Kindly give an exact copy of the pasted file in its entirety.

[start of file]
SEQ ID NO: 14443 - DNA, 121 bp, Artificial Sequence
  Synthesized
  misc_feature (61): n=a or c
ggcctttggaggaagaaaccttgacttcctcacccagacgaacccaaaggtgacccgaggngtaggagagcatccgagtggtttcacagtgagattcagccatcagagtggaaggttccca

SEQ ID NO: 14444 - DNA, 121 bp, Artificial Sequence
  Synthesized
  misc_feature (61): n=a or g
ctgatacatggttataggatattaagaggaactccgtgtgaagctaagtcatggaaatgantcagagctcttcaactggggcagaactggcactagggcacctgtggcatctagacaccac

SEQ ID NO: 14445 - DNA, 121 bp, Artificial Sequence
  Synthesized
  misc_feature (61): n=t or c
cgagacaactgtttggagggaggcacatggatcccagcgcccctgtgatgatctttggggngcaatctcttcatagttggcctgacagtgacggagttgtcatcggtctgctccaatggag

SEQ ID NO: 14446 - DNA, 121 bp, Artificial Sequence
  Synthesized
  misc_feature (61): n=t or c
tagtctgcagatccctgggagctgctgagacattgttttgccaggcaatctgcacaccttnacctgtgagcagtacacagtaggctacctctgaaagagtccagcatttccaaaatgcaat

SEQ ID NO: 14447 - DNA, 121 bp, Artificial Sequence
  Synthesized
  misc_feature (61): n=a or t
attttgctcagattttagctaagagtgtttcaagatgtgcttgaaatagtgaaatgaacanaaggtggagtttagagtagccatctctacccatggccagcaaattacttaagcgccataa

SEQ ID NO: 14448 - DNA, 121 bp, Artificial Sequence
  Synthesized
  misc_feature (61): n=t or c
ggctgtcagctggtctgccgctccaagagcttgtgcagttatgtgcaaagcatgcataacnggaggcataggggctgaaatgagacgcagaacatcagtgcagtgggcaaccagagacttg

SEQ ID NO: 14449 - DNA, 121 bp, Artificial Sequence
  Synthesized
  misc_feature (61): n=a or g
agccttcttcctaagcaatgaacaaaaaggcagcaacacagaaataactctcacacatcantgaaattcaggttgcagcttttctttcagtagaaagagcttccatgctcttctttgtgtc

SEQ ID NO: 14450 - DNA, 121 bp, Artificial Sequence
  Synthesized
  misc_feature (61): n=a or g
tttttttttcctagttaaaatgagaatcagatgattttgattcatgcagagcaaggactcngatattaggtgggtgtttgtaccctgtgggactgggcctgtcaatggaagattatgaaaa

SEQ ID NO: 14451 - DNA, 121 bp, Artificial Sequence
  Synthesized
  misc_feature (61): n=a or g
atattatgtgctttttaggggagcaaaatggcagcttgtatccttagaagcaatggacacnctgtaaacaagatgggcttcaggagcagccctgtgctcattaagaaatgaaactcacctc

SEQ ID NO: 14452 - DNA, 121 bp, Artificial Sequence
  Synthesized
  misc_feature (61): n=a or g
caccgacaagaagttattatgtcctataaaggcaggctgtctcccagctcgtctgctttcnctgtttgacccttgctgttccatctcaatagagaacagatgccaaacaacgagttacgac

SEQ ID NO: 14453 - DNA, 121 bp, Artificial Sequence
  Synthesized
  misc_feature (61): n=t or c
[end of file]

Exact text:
SEQ ID NO: 14443 - DNA, 121 bp, Artificial Sequence
  Synthesized
  misc_feature (61): n=a or c
ggcctttggaggaagaaaccttgacttcctcacccagacgaacccaaaggtgacccgaggngtaggagagcatccgagtggtttcacagtgagattcagccatcagagtggaaggttccca

SEQ ID NO: 14444 - DNA, 121 bp, Artificial Sequence
  Synthesized
  misc_feature (61): n=a or g
ctgatacatggttataggatattaagaggaactccgtgtgaagctaagtcatggaaatgantcagagctcttcaactggggcagaactggcactagggcacctgtggcatctagacaccac

SEQ ID NO: 14445 - DNA, 121 bp, Artificial Sequence
  Synthesized
  misc_feature (61): n=t or c
cgagacaactgtttggagggaggcacatggatcccagcgcccctgtgatgatctttggggngcaatctcttcatagttggcctgacagtgacggagttgtcatcggtctgctccaatggag

SEQ ID NO: 14446 - DNA, 121 bp, Artificial Sequence
  Synthesized
  misc_feature (61): n=t or c
tagtctgcagatccctgggagctgctgagacattgttttgccaggcaatctgcacaccttnacctgtgagcagtacacagtaggctacctctgaaagagtccagcatttccaaaatgcaat

SEQ ID NO: 14447 - DNA, 121 bp, Artificial Sequence
  Synthesized
  misc_feature (61): n=a or t
attttgctcagattttagctaagagtgtttcaagatgtgcttgaaatagtgaaatgaacanaaggtggagtttagagtagccatctctacccatggccagcaaattacttaagcgccataa

SEQ ID NO: 14448 - DNA, 121 bp, Artificial Sequence
  Synthesized
  misc_feature (61): n=t or c
ggctgtcagctggtctgccgctccaagagcttgtgcagttatgtgcaaagcatgcataacnggaggcataggggctgaaatgagacgcagaacatcagtgcagtgggcaaccagagacttg

SEQ ID NO: 14449 - DNA, 121 bp, Artificial Sequence
  Synthesized
  misc_feature (61): n=a or g
agccttcttcctaagcaatgaacaaaaaggcagcaacacagaaataactctcacacatcantgaaattcaggttgcagcttttctttcagtagaaagagcttccatgctcttctttgtgtc

SEQ ID NO: 14450 - DNA, 121 bp, Artificial Sequence
  Synthesized
  misc_feature (61): n=a or g
tttttttttcctagttaaaatgagaatcagatgattttgattcatgcagagcaaggactcngatattaggtgggtgtttgtaccctgtgggactgggcctgtcaatggaagattatgaaaa

SEQ ID NO: 14451 - DNA, 121 bp, Artificial Sequence
  Synthesized
  misc_feature (61): n=a or g
atattatgtgctttttaggggagcaaaatggcagcttgtatccttagaagcaatggacacnctgtaaacaagatgggcttcaggagcagccctgtgctcattaagaaatgaaactcacctc

SEQ ID NO: 14452 - DNA, 121 bp, Artificial Sequence
  Synthesized
  misc_feature (61): n=a or g
caccgacaagaagttattatgtcctataaaggcaggctgtctcccagctcgtctgctttcnctgtttgacccttgctgttccatctcaatagagaacagatgccaaacaacgagttacgac

SEQ ID NO: 14453 - DNA, 121 bp, Artificial Sequence
  Synthesized
  misc_feature (61): n=t or c